Dane County Treasurer Stresses Private Property Rights

MacIver News Service | November 20, 2012

[Madison, Wisc…] Dane County might have a reputation for treating property tax payers as an afterthought, but throughout the last three years’ of economic hardship, the county has not seized anyone’s home for delinquent taxes.

With some of the highest property taxes in the country (the nonpartisan Tax Foundation consistently places Dane County in the top 70 of 1,823 counties), one might suspect the county doesn’t want to give up on all that money it’s owed. However, the out-going treasurer, David Worzala, says for him it’s about private property rights.

“Private property rights are strong and they need to be,” Worzala told the MacIver News Service. “I’m a pretty strong property rights person, as I’ve learned in this job.”

Dane County begins the foreclosure process after a property owner has gone three years without paying their taxes. Every year, the county starts the process on 700 to 900 parcels. Worzala and his staff contact each homeowner to find out what their individual situation is and how they can resolve the issue.

The county only seized five to 10 properties last year, and none at all during the two years before that. What’s more–all seized properties were vacant land. Although he believes in private property rights, Worzala is still the county treasurer.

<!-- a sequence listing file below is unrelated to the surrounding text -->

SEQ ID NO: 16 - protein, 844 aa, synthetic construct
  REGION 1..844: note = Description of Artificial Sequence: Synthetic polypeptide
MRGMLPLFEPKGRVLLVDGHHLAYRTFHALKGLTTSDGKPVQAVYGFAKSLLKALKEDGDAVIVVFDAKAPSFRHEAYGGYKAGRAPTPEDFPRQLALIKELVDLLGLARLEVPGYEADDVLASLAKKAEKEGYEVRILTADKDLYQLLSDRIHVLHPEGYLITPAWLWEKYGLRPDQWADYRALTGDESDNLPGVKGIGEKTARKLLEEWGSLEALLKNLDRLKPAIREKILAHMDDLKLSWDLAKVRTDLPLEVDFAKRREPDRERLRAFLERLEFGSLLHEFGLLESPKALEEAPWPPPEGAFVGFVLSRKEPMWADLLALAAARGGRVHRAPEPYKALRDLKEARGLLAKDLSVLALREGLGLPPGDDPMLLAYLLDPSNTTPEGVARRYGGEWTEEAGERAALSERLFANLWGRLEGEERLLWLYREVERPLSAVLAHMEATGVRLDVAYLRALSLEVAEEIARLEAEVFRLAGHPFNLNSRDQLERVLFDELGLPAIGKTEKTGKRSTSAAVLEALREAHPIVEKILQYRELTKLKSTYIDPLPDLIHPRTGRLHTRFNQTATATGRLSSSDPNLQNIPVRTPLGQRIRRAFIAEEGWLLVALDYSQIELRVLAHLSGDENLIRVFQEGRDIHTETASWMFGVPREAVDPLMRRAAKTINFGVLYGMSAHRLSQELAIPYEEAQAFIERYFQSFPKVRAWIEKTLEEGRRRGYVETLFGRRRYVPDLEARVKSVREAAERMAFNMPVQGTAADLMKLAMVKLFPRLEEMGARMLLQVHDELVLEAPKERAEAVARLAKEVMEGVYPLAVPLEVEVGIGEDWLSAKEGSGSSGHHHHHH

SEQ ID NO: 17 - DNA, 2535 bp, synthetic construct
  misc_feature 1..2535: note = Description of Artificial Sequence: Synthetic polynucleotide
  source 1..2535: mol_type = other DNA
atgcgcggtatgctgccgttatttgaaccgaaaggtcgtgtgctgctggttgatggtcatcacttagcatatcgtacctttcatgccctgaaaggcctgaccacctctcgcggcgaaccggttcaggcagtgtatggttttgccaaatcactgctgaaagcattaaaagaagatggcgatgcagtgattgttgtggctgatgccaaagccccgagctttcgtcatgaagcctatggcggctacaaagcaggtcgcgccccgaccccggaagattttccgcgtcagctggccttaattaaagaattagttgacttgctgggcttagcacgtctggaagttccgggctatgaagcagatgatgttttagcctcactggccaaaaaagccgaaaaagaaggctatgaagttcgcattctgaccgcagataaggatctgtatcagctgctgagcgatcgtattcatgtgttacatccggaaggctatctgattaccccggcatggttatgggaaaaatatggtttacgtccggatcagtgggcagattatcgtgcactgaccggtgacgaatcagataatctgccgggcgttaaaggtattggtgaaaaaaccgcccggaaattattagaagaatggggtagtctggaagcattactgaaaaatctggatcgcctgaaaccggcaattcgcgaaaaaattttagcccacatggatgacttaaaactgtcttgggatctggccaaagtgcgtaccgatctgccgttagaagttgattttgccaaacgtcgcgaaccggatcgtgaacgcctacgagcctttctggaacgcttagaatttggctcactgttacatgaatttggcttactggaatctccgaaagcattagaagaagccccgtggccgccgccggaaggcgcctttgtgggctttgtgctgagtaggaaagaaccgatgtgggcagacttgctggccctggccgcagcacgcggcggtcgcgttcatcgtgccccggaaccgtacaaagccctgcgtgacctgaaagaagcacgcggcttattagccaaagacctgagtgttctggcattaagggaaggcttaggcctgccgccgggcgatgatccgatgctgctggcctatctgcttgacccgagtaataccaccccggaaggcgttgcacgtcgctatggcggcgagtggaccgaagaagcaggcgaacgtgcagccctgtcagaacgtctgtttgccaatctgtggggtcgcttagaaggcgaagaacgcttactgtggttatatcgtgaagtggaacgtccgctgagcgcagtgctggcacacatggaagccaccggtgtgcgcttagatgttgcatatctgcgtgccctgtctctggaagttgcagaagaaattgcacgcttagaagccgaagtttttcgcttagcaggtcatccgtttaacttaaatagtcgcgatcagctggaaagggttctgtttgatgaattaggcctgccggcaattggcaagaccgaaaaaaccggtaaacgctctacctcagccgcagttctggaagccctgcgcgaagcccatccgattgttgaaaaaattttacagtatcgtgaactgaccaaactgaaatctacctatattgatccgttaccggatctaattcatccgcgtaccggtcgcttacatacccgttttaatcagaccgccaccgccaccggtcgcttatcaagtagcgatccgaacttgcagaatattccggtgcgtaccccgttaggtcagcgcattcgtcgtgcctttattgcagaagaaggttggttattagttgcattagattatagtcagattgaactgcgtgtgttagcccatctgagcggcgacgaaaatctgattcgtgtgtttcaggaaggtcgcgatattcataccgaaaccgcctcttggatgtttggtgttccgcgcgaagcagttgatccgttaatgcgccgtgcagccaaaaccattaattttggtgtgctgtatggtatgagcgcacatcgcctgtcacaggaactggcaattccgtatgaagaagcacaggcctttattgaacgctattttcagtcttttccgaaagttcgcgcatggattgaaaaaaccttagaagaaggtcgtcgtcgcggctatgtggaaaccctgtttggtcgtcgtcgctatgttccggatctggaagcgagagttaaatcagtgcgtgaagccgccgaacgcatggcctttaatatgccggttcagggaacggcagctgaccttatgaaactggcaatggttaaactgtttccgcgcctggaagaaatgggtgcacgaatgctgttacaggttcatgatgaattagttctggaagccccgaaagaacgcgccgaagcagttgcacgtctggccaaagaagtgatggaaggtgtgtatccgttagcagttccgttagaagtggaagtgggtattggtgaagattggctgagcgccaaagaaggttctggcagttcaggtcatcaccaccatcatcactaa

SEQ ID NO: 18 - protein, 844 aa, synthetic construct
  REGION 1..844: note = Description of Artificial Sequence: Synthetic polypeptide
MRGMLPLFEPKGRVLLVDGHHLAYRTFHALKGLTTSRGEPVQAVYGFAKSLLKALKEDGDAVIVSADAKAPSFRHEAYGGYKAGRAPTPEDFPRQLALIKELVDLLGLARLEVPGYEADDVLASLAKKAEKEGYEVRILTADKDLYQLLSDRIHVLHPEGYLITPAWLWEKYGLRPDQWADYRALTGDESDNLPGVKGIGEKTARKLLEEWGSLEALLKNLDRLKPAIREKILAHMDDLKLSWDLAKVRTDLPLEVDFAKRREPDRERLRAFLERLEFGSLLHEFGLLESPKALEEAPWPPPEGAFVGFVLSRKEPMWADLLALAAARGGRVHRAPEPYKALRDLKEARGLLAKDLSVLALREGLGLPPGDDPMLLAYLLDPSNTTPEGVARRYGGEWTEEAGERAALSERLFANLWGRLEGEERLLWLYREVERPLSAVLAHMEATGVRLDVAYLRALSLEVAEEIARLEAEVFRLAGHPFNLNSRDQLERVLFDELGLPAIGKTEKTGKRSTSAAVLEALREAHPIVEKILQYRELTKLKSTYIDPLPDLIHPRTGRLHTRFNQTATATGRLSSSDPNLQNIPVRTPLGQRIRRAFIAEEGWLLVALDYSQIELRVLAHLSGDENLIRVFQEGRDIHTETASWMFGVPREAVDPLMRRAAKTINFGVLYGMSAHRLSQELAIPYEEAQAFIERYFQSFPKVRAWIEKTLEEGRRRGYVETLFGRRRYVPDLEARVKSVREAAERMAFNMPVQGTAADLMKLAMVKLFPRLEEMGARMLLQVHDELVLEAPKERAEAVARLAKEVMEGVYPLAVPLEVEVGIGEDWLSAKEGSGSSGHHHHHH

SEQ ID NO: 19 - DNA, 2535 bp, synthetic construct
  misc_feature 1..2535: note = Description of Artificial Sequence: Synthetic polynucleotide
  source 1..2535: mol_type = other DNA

“You can’t just take people’s property away,” he said. But, “part of the responsibility of owning a home is paying the taxes. Whether taxes are too high is another issue.”

Besides its own revenue needs, Dane County has another incentive to push the collections. Municipal governments and school districts still get their revenue, whether their residents are paying property taxes or not. That’s because the county is responsible for collecting and distributing the funds. It has to pay those smaller governments regardless of what comes in.

As of the end of October, Dane County is owed $16.8 million in delinquent taxes. Only 15 percent of that amount constitutes unpaid property taxes. The rest of it, over $14 million, is money Dane County had to pay out to other governments.

Worzala says people are slowly paying off their delinquent taxes, and that the $16.8 million figure is coming down.

“It’s getting better,” he said. “We have probably weathered the storm as long as the economy holds.”

Worzala will be stepping down as County Treasurer next year after choosing not to t run for reelection. He instead ran in the Democrat primary for Senator-Elect Tammy Baldwin’s congressional seat. State Representative Mark Pocan won that election.